Wednesday, 27 April 2011


Pillars, as the name suggests, are the foundations of a game. People might find that this is basically the same thing as Unique Selling Points (sometimes Key Selling Points), but it doesn't encompass exactly the same things.

A pillar is a set of features that will get particular attention during the game's development.

Obviously, unless you're doing something terribly wrong, all your USPs will be pillars. However, a pillar is not necessarily an USP. Example:

In a presentation from Epic Games about Gears of War 2's production, one of the game's pillars is:

Accessibility : Casual difficulty, independent co-op difficulties, content filters, alternate control scheme, multiplayer training, offline bot play.

Accessibility is a word that usually scares hardcore gamers as they tend to confuse "more accessible" with "less difficult". Considering the game's target, it would be unwise to put that word on the back cover as one of the game's bullet points (and they actually did not). However they pushed the accessibility features in order to reach a broader audience.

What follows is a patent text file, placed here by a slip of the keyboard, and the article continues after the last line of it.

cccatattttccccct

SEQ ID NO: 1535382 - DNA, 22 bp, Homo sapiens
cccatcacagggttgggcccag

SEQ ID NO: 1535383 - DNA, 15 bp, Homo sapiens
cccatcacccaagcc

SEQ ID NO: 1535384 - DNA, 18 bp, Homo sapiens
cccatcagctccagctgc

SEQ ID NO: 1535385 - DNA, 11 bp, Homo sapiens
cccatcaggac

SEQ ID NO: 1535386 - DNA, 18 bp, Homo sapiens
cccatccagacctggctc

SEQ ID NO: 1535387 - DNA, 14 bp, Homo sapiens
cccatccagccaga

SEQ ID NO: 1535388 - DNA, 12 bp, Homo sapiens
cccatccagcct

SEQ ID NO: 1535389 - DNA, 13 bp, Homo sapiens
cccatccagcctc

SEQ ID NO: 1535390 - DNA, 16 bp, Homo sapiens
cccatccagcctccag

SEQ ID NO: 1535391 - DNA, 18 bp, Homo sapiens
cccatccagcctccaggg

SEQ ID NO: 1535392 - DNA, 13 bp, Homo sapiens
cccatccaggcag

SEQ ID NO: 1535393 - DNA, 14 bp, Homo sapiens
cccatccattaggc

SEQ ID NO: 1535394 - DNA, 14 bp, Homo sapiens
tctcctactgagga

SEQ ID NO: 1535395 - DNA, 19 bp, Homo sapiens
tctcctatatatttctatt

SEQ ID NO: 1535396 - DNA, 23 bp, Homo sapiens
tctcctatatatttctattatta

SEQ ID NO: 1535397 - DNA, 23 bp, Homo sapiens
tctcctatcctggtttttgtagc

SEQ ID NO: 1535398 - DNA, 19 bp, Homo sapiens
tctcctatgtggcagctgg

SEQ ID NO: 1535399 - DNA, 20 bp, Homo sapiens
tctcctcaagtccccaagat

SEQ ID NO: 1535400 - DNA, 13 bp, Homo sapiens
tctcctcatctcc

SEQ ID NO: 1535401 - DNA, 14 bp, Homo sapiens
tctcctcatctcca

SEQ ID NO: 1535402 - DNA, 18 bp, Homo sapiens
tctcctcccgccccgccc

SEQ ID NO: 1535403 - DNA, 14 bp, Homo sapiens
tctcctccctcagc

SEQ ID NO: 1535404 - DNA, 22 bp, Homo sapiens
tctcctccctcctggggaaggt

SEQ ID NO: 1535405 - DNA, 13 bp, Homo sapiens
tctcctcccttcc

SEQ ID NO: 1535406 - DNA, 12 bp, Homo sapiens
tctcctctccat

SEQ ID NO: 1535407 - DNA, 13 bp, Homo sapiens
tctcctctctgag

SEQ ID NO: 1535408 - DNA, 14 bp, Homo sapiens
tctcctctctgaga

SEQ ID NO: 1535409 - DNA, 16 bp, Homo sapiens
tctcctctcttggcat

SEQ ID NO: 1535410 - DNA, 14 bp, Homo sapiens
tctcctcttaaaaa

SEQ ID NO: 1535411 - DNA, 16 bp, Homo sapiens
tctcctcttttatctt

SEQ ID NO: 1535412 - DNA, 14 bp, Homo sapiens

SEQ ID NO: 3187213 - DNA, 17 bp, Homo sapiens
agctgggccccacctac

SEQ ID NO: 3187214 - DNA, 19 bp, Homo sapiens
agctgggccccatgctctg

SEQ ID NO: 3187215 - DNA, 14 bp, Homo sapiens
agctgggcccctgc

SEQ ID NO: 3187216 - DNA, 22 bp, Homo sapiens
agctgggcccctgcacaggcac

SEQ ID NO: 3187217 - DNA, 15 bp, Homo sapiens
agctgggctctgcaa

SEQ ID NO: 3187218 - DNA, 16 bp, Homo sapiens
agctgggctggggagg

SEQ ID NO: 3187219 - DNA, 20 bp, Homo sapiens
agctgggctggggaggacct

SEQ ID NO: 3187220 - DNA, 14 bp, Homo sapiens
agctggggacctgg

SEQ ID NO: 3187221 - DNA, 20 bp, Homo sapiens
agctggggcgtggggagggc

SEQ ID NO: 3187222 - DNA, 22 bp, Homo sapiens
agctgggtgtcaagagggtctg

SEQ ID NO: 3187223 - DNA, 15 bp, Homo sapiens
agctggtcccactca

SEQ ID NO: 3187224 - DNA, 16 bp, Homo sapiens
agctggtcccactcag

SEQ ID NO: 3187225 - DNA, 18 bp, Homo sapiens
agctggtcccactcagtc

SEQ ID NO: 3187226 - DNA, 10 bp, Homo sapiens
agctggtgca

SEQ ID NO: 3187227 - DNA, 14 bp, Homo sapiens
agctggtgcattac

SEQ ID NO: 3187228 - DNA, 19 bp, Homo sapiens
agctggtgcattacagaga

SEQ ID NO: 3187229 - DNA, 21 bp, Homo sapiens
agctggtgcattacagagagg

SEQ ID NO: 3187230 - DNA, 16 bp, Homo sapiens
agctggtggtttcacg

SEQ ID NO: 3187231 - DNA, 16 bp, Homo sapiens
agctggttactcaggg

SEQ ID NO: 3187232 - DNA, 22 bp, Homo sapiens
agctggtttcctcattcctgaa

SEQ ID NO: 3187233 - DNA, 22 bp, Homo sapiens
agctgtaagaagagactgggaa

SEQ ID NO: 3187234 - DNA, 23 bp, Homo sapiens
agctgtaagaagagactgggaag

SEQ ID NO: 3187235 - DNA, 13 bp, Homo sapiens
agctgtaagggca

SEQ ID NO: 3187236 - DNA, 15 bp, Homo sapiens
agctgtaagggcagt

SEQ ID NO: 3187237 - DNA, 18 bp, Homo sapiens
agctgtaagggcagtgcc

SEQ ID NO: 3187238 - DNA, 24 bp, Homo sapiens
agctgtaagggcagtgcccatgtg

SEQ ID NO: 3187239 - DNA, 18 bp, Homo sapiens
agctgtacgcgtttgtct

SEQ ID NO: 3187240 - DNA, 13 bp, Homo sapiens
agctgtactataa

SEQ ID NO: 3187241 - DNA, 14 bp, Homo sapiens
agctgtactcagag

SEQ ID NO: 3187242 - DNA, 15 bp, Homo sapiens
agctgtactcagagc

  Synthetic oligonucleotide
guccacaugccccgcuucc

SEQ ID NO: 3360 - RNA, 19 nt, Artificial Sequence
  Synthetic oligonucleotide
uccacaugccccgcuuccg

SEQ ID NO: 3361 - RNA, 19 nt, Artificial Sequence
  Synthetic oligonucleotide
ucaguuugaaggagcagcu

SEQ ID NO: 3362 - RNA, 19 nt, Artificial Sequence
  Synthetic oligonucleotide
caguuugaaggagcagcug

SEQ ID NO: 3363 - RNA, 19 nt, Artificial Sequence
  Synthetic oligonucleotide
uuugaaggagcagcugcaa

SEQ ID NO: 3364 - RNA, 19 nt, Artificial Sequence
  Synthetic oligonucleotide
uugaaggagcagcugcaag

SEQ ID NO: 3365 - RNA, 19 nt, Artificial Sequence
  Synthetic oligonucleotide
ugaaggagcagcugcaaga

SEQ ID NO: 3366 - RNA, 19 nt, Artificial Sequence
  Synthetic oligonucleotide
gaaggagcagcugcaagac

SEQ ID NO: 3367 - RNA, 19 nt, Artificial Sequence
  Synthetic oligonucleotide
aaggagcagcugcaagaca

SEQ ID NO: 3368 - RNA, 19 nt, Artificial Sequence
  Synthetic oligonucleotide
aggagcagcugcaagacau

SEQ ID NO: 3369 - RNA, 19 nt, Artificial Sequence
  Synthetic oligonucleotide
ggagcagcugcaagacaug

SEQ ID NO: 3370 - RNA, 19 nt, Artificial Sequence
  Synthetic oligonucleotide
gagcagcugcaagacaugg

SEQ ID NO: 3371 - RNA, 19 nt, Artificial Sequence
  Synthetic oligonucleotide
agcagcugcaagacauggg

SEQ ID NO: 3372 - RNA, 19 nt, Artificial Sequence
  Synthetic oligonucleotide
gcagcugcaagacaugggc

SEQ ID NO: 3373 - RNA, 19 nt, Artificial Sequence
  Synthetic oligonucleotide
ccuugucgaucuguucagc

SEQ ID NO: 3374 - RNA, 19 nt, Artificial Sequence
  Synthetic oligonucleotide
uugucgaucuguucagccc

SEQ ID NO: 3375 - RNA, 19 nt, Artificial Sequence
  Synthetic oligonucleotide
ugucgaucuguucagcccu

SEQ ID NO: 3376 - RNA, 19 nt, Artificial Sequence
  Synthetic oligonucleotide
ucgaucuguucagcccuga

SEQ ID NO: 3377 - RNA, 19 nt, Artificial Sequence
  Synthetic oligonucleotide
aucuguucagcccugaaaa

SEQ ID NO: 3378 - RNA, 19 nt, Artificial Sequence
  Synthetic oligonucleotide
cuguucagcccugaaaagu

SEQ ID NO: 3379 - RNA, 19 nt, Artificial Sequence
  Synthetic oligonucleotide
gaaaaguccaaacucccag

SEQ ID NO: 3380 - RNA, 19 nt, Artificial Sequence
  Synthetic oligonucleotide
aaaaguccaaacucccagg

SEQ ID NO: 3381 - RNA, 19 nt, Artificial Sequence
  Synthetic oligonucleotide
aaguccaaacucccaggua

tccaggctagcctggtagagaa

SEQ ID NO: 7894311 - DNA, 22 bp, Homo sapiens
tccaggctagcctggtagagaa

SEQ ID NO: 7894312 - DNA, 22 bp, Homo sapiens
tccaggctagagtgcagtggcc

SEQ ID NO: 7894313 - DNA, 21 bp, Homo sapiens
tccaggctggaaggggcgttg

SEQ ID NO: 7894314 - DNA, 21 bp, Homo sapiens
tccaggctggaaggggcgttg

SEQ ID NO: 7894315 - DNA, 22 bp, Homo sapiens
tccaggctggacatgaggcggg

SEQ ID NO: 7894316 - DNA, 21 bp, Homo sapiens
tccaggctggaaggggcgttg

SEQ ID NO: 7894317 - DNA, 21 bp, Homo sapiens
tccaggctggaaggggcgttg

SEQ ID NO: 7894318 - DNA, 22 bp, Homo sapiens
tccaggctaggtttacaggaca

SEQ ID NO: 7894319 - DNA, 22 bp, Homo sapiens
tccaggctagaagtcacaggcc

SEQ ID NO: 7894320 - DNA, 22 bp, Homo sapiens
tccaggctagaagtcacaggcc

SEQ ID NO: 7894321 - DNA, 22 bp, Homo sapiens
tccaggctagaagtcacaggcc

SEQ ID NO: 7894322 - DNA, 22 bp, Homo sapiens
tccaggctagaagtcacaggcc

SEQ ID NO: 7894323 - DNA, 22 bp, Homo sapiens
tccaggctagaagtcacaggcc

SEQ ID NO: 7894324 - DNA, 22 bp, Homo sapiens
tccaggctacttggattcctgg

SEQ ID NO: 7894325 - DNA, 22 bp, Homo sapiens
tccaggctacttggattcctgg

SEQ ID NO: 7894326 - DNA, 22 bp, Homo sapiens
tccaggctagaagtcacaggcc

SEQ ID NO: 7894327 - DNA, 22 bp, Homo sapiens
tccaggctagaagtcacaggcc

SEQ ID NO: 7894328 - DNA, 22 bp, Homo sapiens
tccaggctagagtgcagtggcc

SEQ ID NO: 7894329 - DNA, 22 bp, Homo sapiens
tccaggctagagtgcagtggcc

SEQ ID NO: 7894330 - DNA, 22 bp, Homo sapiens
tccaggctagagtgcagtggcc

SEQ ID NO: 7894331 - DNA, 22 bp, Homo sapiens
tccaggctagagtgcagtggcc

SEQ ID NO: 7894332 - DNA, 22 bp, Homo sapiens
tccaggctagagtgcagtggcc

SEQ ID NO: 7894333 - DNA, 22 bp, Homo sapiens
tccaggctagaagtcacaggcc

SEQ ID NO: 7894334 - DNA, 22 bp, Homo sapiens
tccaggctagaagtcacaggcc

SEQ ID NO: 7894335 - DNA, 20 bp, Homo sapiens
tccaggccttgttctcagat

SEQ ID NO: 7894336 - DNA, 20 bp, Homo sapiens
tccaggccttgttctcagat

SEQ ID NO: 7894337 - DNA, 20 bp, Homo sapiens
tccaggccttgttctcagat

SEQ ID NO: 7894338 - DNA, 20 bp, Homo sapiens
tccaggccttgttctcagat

There are few reasons why a project would have a pillar that is not a USP, including but not limited to:
  • A feature is high risk, and its development needs to be closely monitored (e.g. Dead Space's holographic GUI).
  • In the case of sequel, a set of features needs to be improved as they were weak in the first game.
  • A feature requires a specific software architecture, tool or workflow.
I like the word pillar because they are meant to support the mission statement and/or the development in a general manner.

Considering the close relationship between pillars and USPs, the former tends to be used more and more in a game's marketing (and the word's friendlier as well). But don't forget that "behind the scenes" pillars are as important (if not more) as the USPs.